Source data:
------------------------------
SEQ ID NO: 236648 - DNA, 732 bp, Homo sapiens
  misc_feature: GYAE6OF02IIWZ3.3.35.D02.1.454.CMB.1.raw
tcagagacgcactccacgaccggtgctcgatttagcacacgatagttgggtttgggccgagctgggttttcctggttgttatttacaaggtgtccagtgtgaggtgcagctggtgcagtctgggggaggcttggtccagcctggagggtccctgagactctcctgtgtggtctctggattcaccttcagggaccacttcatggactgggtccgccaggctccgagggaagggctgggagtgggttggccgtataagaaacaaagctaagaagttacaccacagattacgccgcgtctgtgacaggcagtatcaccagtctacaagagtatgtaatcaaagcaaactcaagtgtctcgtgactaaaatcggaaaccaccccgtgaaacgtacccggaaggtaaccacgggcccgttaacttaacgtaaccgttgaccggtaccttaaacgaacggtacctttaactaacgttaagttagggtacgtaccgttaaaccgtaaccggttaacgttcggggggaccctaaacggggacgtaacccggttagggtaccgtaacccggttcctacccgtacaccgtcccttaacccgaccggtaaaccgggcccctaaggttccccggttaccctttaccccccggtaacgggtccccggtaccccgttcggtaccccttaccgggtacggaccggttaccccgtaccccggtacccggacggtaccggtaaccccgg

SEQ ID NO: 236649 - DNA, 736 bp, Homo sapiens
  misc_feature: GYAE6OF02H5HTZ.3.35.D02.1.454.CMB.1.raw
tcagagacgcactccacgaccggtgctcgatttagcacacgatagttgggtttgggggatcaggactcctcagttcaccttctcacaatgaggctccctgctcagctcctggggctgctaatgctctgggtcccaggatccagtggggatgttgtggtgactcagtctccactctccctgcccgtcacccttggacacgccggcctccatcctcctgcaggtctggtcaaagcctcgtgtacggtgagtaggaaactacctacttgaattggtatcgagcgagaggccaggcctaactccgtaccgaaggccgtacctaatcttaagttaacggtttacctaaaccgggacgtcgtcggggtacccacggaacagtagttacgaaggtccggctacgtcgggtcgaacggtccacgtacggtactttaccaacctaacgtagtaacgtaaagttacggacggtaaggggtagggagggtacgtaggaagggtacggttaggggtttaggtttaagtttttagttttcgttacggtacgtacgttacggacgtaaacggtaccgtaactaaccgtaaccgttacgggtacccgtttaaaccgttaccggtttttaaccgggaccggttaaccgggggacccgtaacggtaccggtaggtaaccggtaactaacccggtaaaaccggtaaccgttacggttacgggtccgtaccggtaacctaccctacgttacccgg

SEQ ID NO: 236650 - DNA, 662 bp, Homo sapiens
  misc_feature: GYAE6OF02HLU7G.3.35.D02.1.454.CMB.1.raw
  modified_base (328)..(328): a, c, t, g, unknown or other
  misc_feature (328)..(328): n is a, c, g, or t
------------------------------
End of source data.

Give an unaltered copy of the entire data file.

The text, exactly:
SEQ ID NO: 236648 - DNA, 732 bp, Homo sapiens
  misc_feature: GYAE6OF02IIWZ3.3.35.D02.1.454.CMB.1.raw
tcagagacgcactccacgaccggtgctcgatttagcacacgatagttgggtttgggccgagctgggttttcctggttgttatttacaaggtgtccagtgtgaggtgcagctggtgcagtctgggggaggcttggtccagcctggagggtccctgagactctcctgtgtggtctctggattcaccttcagggaccacttcatggactgggtccgccaggctccgagggaagggctgggagtgggttggccgtataagaaacaaagctaagaagttacaccacagattacgccgcgtctgtgacaggcagtatcaccagtctacaagagtatgtaatcaaagcaaactcaagtgtctcgtgactaaaatcggaaaccaccccgtgaaacgtacccggaaggtaaccacgggcccgttaacttaacgtaaccgttgaccggtaccttaaacgaacggtacctttaactaacgttaagttagggtacgtaccgttaaaccgtaaccggttaacgttcggggggaccctaaacggggacgtaacccggttagggtaccgtaacccggttcctacccgtacaccgtcccttaacccgaccggtaaaccgggcccctaaggttccccggttaccctttaccccccggtaacgggtccccggtaccccgttcggtaccccttaccgggtacggaccggttaccccgtaccccggtacccggacggtaccggtaaccccgg

SEQ ID NO: 236649 - DNA, 736 bp, Homo sapiens
  misc_feature: GYAE6OF02H5HTZ.3.35.D02.1.454.CMB.1.raw
tcagagacgcactccacgaccggtgctcgatttagcacacgatagttgggtttgggggatcaggactcctcagttcaccttctcacaatgaggctccctgctcagctcctggggctgctaatgctctgggtcccaggatccagtggggatgttgtggtgactcagtctccactctccctgcccgtcacccttggacacgccggcctccatcctcctgcaggtctggtcaaagcctcgtgtacggtgagtaggaaactacctacttgaattggtatcgagcgagaggccaggcctaactccgtaccgaaggccgtacctaatcttaagttaacggtttacctaaaccgggacgtcgtcggggtacccacggaacagtagttacgaaggtccggctacgtcgggtcgaacggtccacgtacggtactttaccaacctaacgtagtaacgtaaagttacggacggtaaggggtagggagggtacgtaggaagggtacggttaggggtttaggtttaagtttttagttttcgttacggtacgtacgttacggacgtaaacggtaccgtaactaaccgtaaccgttacgggtacccgtttaaaccgttaccggtttttaaccgggaccggttaaccgggggacccgtaacggtaccggtaggtaaccggtaactaacccggtaaaaccggtaaccgttacggttacgggtccgtaccggtaacctaccctacgttacccgg

SEQ ID NO: 236650 - DNA, 662 bp, Homo sapiens
  misc_feature: GYAE6OF02HLU7G.3.35.D02.1.454.CMB.1.raw
  modified_base (328)..(328): a, c, t, g, unknown or other
  misc_feature (328)..(328): n is a, c, g, or t